Using ptrace(2) To Call a Userspace Function
Unix systems define an incredibly powerful system call called
ptrace(2). This system
call is available on Linux, BSD, and OS X (but note that the interface is not
exactly the same between the Linux ptrace and the BSD/OS X ptrace). Using ptrace
you can arbitrarily inspect or modify the state of another process.
While working with ptrace I found a lot of examples online of using ptrace to make a Linux system call. However I was unable to find any examples of how to use ptrace to call a userspace method in the remote process, which is a lot more interesting (in my opinion) and also more difficult to do.
The purpose of this project is to demonstrate what the code looks like to do this. This code will do the equivalent of making this function call in the attached process:
fprintf(stderr, "instruction pointer = %p\n", rip);
rip is the value of the instruction pointer when the process was
attached. After the call to
fprintf() completes, the program will resume
execution where it was when it was attached, as if nothing has changed.
Note: this code is specific to the Linux implementation of ptrace.
How It Works
Just look at the source code. There are a lot of comments explaining exactly what is going on, what caveats there are, etc.
You can compile the code with
make. You should see that it builds an
call-fprintf. Invoke it like this:
call-fprintf -p <pid>
An easy way to test this is to open two terminals, run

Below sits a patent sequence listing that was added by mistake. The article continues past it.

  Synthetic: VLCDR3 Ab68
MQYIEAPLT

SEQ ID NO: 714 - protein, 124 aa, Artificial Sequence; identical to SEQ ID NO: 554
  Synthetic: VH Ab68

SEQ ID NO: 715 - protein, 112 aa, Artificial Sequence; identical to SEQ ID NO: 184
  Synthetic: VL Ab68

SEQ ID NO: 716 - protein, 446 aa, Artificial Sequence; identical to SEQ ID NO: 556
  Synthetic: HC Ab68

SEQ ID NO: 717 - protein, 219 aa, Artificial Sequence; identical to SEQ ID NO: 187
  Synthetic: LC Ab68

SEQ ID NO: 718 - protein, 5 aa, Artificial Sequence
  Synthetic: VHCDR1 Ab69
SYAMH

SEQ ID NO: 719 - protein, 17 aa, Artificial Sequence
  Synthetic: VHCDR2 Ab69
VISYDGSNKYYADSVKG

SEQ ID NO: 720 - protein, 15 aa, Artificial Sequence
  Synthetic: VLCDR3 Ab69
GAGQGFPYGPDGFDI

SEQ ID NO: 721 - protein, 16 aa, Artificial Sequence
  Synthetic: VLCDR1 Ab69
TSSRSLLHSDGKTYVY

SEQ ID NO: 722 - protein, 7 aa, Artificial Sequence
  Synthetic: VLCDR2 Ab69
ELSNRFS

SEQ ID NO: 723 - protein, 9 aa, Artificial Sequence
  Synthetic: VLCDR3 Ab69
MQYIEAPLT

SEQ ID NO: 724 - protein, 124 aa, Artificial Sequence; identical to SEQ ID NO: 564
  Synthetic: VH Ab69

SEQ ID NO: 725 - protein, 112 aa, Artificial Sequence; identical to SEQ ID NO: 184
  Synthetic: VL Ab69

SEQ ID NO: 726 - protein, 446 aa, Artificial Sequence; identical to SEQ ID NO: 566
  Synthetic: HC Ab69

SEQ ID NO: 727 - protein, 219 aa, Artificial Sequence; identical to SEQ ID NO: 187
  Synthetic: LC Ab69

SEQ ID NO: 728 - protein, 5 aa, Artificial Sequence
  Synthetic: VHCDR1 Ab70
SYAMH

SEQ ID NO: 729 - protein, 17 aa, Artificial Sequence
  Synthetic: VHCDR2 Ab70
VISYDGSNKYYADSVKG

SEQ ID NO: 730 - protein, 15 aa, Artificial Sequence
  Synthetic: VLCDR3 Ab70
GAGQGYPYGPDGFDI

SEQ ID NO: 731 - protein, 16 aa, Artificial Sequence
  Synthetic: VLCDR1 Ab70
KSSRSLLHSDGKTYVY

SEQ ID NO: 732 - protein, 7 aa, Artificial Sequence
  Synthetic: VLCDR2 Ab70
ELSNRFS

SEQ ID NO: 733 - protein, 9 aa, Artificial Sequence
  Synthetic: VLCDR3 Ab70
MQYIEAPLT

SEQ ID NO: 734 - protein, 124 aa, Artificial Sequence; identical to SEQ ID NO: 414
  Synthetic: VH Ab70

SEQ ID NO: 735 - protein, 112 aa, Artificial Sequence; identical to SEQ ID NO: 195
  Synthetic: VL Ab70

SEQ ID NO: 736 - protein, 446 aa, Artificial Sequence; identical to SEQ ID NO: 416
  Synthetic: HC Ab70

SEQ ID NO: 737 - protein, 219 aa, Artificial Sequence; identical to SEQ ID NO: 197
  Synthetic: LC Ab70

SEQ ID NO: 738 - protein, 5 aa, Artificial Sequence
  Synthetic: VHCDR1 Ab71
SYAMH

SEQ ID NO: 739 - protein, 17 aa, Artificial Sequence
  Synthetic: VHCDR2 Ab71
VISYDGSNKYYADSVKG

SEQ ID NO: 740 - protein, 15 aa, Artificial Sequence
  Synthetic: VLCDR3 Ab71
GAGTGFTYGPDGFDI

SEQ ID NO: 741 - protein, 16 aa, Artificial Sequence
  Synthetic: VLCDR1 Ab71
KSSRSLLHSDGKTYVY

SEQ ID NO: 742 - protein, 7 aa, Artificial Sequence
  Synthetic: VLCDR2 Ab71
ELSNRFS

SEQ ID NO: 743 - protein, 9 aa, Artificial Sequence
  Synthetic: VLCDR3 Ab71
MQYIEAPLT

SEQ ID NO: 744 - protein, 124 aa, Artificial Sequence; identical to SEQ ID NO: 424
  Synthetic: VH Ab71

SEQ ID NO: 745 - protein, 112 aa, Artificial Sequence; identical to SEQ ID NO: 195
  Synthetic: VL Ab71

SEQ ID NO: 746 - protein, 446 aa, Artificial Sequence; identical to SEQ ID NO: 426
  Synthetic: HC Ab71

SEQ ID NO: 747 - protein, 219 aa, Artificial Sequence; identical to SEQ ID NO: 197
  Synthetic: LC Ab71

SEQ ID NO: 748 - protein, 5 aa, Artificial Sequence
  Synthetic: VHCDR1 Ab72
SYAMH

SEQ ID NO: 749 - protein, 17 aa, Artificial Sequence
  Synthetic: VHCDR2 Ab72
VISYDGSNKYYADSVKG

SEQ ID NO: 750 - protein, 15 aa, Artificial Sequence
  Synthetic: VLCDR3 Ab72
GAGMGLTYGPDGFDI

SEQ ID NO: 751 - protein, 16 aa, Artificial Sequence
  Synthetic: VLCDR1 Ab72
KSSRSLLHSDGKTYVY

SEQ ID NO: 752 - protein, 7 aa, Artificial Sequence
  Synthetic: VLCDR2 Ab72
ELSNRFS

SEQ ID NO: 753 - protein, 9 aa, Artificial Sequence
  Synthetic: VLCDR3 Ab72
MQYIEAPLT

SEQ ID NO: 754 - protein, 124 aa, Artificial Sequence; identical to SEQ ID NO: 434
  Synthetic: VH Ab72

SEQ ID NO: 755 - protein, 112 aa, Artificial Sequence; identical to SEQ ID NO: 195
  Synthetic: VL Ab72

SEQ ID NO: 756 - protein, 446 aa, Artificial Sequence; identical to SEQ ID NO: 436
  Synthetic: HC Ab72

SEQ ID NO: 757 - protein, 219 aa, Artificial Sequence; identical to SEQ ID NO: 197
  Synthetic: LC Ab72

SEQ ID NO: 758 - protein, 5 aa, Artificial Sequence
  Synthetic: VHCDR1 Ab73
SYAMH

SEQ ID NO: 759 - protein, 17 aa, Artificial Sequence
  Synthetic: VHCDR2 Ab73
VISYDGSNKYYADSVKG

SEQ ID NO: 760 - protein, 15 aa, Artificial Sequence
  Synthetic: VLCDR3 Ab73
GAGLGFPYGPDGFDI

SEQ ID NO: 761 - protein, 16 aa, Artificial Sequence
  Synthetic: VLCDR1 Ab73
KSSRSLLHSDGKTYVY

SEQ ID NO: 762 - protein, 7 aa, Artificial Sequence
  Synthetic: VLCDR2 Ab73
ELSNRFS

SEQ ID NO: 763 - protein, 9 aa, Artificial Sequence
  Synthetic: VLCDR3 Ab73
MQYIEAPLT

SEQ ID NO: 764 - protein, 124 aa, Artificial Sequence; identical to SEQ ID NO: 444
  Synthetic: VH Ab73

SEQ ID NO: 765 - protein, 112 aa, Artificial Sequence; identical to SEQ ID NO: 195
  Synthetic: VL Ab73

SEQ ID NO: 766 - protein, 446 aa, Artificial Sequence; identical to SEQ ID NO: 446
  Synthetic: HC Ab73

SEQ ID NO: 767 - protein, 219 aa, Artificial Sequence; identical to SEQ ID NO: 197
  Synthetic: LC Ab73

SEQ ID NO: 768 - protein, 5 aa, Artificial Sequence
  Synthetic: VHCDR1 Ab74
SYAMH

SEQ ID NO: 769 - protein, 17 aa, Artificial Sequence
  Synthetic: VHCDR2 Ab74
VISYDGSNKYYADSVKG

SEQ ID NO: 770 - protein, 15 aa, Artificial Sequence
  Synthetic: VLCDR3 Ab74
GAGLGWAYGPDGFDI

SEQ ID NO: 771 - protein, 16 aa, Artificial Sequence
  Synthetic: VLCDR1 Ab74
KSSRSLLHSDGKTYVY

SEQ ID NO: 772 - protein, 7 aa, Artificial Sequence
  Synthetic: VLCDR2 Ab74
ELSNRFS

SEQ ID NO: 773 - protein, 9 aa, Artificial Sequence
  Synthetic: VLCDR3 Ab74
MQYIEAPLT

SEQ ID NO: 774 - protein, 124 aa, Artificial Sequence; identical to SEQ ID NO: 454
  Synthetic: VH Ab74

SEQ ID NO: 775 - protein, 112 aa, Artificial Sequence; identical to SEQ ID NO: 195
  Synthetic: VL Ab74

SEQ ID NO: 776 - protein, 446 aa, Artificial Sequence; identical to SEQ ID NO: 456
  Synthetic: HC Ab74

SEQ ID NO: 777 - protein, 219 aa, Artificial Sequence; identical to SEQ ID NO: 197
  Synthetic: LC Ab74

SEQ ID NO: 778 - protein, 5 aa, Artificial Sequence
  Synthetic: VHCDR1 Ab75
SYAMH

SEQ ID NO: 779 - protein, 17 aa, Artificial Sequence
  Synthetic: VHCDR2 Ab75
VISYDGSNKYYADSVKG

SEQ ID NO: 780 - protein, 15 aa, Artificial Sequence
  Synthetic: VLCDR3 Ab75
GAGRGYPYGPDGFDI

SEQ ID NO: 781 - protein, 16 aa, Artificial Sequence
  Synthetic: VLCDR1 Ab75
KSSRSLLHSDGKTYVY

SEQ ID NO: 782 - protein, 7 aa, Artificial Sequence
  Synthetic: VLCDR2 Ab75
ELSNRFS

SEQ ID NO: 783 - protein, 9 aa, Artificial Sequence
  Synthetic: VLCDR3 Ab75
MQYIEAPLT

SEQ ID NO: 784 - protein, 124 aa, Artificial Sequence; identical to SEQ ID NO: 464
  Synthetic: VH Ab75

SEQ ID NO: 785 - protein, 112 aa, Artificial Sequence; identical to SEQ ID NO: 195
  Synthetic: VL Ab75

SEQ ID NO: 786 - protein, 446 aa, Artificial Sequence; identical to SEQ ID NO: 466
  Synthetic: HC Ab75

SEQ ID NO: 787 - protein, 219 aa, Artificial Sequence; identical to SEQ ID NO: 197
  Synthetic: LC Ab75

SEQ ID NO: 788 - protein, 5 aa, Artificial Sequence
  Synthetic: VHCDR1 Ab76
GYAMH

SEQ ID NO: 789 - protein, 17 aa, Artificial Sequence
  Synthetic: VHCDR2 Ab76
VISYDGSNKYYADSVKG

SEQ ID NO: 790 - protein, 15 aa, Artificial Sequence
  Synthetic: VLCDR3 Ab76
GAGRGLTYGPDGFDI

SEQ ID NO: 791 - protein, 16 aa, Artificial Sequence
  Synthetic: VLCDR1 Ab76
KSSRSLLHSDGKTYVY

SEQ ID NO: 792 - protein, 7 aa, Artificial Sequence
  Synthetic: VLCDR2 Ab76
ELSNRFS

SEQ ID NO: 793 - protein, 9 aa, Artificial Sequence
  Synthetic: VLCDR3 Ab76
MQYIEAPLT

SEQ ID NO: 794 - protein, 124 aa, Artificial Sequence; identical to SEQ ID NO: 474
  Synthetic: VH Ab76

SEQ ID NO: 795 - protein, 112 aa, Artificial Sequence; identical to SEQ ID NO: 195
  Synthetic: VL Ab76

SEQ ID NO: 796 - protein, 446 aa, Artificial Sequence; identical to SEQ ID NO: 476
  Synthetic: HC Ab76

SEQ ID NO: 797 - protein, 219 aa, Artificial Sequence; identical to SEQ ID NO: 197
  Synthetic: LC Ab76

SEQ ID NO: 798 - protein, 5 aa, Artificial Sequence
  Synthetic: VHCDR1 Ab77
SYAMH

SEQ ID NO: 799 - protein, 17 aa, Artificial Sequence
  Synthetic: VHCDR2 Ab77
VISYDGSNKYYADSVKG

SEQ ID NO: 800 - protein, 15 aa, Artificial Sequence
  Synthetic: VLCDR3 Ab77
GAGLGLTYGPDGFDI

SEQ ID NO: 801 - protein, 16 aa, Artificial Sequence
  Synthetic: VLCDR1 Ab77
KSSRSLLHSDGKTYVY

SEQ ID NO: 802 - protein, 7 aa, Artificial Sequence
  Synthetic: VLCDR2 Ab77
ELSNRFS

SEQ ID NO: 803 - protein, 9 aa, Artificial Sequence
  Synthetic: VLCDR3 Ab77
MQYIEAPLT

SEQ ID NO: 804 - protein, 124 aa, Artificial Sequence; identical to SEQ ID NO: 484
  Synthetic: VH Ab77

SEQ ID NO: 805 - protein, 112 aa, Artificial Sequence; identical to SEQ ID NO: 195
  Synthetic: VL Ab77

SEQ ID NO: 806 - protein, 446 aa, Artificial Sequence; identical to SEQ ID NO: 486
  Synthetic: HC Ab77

echo $$ in the first
terminal to get the pid of the shell, and then in the other terminal run
call-fprintf with the first shell's pid.
When you run the command, you will see output like this:
$ ./call-fprintf -p 21160 their %rip 0x7f229e153790 allocated memory at 0x7f229e669000 executing jump to mmap region successfully jumped to mmap area their libc 0x7f229e08b000 their fprintf 0x7f229e08b000 their stderr 0x7f229e447560 inserting code/data into the mmap area at 0x7f229e669000 setting the registers of the remote process continuing execution successfully caught TRAP signal jumping back to original rip successfully jumped back to original %rip at 0x7f229e153790 making call to mmap munmap returned with status 0 restoring old text at 0x7f229e153790 restoring old registers detaching
Issues With Yama ptrace_scope
If you get a failure like this:
$ ./call-fprintf -p 1 PTRACE_ATTACH: Operation not permitted
then you are trying to trace a process that you don't have permissions to trace, i.e. a process with a different user id than you. You can only ptrace a process whose effective user id is the same as yours (or if you are root).
If you instead get a failure like this:
$ ./call-fprintf -p 5603 PTRACE_ATTACH: Operation not permitted The likely cause of this failure is that your system has kernel.yama.ptrace_scope = 1 If you would like to disable Yama, you can run: sudo sysctl kernel.yama.ptrace_scope=0
Then the issue is that you have
configured to disallow ptrace. In particular, the default behavior of Ubuntu
since Ubuntu 10.10 has been to set
kernel.yama.ptrace_scope = 1. If this
affects you, you can either run
call-fprintf as root, or you can run the
command listed in the error message to disable the Yama setting.